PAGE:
Director: Andrew Stanton and Angus MacLane
Starring: Ellen DeGeneres, Albert Brooks, Ed O’Neill, Hayden Rolence, Kaitlin Olsen, Ty Burell, Diane Keaton, Eugene Levy, Idris Elba, Dominic West, Sigourney Weaver
Written by: Victoria Strouse and (also original story) Andrew Stanton
Running Time: 97 mins
Release date: 29th July 2016
When Finding Nemo was released back in 2003, Pixar changed the face of computer animation overnight. With it’s glorious colours and detail to life under the sea, capturing the water world magnificently, as well as warming everybody’s hearts with its touching tale of a father’s desperate search for his missing son, it became an instant classic and a favourite among the company’s vast collection of movies. So will a long-awaited sequel do what the original did and will it be as ground-breaking in its animation?
One year after the events in Finding Nemo and Dory, the fish with short-term memory loss is starting to remember things, particularly about her family, who she lost years before. Determined to find them, she, along with Marlin and Nemo, head off to California where they get separated. Dory finds herself in the Marine Life Institute, where she meets an octopus called Hank, who is willing to help her if she helps him escape from the place. Meanwhile, Marlin and Nemo have to get in to find Dory.
The plot for Andrew Stanton’s sequel is very familiar. Instead of trying to find Nemo, it’s Dory’s turn to take the limelight and the search is for her missing family. It introduces us to an array of brand new characters and a series of misadventures for the likeable fish we all know and love. But this is Pixar and when you think it’s being all comfortable, it throws the odd hard punch and in the tradition of all great Pixar movies, one moment you are laughing, the next you are fighting back the tears.
The team tells the story through a mix of present-day and flashbacks, where we get to meet a very young Dory, all giant eyes and bewilderment. It is these scenes where the film really triumphs. The tale of a mother and father trying to protect they young, teaching them the ways of the world while understanding that she may never remember, will have you crying in your popcorn. Pixar does it every time and they delivered once again here.
Sadly, the story does take a very unusual change of direction come to the final act with a sequence that, even for a fantasy film like this, where all sea life talk, does not sit right and, for me, slightly spoilt it. It was as if Stanton and co-writer Victoria Strouse were struggling to find a solution to the adventure.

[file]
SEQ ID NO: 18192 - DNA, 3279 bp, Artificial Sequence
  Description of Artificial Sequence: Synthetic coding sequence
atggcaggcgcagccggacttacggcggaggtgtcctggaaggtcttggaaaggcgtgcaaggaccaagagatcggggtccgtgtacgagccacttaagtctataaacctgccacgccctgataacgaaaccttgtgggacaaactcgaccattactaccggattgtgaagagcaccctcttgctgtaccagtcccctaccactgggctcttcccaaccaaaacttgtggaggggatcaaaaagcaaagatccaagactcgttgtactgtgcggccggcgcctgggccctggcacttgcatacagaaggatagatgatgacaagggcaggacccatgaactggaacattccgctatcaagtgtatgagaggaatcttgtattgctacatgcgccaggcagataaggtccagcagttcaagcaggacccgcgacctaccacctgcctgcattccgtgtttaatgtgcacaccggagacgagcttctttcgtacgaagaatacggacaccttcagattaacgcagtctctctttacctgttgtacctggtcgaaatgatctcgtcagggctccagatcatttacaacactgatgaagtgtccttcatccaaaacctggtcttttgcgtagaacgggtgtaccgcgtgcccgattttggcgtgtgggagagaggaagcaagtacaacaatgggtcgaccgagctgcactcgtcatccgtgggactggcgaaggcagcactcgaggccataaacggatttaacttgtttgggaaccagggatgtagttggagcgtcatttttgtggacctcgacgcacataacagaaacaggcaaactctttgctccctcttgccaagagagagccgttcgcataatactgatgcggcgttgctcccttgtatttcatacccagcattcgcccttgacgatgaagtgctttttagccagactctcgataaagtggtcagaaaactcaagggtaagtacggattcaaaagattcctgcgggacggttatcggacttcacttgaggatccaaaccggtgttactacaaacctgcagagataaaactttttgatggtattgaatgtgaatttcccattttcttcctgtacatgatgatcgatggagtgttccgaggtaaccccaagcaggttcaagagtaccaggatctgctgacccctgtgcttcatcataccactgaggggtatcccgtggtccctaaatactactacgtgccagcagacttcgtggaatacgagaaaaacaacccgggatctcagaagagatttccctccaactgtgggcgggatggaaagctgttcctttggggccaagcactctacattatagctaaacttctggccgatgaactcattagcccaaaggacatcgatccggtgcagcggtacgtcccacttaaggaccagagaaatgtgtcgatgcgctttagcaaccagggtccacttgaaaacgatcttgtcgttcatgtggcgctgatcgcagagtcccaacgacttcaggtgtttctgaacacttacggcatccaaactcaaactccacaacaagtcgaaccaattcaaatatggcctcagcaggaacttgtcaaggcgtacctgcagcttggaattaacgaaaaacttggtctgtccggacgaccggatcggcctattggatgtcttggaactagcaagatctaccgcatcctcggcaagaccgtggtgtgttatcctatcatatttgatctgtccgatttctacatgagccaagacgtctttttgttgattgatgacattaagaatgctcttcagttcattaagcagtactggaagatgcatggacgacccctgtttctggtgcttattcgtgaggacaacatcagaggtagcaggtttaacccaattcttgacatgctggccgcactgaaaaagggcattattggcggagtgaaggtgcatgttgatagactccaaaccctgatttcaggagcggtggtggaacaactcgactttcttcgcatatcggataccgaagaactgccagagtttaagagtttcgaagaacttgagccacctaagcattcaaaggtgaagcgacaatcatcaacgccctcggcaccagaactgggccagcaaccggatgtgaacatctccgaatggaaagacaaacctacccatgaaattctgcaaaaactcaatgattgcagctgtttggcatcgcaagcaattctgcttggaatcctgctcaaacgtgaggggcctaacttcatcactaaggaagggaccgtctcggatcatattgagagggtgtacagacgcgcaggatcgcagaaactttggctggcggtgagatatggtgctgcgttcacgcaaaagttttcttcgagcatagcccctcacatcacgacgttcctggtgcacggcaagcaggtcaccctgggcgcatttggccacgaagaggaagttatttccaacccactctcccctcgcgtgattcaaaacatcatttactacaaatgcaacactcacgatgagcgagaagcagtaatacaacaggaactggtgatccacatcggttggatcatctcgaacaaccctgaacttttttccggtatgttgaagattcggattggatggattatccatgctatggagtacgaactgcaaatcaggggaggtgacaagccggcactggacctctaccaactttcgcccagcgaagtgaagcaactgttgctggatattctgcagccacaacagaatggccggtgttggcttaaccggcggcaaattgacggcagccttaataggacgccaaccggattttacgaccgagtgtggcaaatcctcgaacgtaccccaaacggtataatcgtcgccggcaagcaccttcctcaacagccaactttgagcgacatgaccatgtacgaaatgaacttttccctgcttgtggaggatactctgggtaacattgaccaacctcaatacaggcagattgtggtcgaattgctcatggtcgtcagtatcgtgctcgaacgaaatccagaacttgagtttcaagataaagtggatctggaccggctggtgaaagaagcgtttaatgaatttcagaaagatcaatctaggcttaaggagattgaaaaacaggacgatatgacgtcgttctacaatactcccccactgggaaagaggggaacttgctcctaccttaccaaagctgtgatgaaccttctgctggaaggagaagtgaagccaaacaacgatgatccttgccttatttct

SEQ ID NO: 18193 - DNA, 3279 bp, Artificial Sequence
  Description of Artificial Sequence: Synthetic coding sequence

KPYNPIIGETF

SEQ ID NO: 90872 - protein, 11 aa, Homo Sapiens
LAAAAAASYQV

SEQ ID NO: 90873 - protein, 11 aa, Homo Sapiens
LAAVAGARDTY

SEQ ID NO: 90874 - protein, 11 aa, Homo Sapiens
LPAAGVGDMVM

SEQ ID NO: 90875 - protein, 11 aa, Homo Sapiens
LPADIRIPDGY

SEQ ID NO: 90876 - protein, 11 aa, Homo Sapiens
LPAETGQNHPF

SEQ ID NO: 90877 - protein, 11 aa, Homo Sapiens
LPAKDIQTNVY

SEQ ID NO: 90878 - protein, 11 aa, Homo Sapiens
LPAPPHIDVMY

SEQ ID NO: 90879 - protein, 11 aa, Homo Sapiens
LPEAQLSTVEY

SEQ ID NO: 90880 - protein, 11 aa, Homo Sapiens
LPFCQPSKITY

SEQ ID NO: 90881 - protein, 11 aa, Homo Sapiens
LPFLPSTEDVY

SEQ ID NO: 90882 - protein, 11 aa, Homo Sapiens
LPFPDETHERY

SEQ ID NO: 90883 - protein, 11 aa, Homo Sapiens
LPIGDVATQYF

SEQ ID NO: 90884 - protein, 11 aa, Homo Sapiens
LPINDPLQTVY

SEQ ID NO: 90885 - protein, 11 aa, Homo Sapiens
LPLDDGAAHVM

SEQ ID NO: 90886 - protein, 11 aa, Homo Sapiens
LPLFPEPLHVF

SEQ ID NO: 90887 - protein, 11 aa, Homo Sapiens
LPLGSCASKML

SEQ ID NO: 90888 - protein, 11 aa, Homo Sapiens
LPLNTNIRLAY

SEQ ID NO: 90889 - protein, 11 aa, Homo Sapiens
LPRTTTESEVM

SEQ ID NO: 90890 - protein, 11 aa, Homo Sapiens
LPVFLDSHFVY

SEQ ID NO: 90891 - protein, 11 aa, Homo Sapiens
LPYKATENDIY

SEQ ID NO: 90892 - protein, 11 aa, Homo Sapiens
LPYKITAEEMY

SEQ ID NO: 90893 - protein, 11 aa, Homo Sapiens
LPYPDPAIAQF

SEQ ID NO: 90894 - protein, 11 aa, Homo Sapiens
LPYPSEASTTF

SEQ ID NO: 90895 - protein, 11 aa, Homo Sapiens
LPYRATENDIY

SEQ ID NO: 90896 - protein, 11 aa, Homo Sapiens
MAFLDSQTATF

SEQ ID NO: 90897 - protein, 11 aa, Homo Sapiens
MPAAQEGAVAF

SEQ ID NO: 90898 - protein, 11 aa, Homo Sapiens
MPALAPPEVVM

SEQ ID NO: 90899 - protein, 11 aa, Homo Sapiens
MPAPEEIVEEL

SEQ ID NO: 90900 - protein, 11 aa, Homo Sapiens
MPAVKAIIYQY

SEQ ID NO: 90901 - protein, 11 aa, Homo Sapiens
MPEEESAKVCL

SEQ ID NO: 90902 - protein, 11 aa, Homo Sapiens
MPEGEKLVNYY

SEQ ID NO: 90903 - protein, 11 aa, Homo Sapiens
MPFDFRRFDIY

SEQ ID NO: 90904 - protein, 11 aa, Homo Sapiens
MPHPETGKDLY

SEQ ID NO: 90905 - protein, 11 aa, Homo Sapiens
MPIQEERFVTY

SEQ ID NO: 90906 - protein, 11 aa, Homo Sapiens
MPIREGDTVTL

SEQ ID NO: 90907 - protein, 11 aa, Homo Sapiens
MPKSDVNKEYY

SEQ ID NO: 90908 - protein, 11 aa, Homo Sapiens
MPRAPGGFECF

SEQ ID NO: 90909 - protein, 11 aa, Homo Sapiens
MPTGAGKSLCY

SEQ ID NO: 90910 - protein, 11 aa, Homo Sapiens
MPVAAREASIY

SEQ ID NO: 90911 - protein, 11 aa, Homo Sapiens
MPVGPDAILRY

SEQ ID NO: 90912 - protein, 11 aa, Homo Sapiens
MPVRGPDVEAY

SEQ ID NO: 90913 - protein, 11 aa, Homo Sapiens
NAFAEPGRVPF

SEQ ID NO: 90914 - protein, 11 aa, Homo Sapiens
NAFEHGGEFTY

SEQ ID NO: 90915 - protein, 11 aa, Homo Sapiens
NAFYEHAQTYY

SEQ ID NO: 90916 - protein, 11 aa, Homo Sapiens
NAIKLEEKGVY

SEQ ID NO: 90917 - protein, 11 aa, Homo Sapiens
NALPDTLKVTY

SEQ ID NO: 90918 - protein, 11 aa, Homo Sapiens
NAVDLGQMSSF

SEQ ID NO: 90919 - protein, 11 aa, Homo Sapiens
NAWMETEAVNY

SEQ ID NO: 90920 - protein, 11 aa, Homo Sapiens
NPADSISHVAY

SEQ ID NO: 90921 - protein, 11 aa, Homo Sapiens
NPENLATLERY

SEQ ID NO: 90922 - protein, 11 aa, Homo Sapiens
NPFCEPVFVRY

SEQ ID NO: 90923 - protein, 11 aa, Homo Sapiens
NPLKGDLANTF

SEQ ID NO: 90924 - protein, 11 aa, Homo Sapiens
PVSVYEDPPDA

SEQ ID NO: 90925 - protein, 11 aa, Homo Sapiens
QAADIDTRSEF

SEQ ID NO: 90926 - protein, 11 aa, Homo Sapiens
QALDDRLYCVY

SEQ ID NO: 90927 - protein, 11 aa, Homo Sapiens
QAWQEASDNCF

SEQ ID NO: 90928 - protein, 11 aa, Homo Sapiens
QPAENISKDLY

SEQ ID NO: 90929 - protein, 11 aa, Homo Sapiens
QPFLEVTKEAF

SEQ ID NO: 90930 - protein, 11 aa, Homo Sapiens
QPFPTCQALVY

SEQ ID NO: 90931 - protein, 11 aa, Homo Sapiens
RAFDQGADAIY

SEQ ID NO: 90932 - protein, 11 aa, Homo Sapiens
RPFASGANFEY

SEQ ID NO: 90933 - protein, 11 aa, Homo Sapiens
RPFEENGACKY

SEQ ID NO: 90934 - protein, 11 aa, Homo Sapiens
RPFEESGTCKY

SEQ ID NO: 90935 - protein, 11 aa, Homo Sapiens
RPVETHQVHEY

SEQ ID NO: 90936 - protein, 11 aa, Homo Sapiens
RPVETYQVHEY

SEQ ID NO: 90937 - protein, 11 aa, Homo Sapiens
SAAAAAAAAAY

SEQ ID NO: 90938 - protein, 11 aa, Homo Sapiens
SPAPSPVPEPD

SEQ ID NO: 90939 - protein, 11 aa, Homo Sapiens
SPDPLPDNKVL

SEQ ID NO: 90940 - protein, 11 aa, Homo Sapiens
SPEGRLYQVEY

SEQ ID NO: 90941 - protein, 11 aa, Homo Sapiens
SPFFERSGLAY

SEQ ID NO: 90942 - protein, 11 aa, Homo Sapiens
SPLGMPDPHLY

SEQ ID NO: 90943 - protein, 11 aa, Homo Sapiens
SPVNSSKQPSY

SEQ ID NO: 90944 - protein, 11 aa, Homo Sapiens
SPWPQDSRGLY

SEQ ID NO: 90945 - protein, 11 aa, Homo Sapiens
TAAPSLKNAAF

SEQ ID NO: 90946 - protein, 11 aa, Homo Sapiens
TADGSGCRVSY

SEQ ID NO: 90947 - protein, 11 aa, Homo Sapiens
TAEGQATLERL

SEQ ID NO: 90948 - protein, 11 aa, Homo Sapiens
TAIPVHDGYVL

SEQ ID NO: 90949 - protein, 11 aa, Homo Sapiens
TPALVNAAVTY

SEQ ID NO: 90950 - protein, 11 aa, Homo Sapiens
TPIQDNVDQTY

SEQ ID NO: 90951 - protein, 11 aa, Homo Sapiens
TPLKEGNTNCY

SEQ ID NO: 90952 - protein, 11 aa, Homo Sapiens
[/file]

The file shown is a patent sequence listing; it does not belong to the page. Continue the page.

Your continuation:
This, however, is a minor blip for a film that you spend most of your time wide-mouthed and in utter wonderment. Did Pixar push the bar up once again in the animation stakes? You bet they did. This is jaw-droppingly incredible. They have managed to create 3D characters that genuinely look like you could pull them out of the screen and hold them. The attention to detail is still there, none more so than when Dory finds herself in an aquarium full of sea life, but Marlin, Dory, and Nemo just look so real. If anyone is going to finally make a 3D movie without having to wear glasses, it is Pixar.
As for the characters and voice talent, as usual, they are spot-on. Ellen DeGeneres has the kind of voice that can make you laugh while is sincere enough to really sympathise with. As Dory, she manages to balance comedy with pathos brilliantly. Ed O’Neill is terrific as Hank, while Idris Elba and Dominic West almost steal the film as seals with an obsession for a rock.
I kind of feel cheated a little. This was a 5-star movie, thanks to the magnificent animation and the treatment of the family relationship plus some very entertaining new creations. It’s just a shame it had to end so, well, bizarrely. Still, it is well worth seeing on the big screen and be amazed by a team that seems to understand how to create proper cinematic stories that make, even the most cynical of reviews, revert back to their childhood.
A point of note: get there early to catch the beautiful short, Piper and stay until the very end of the credits for a funny short additional scene.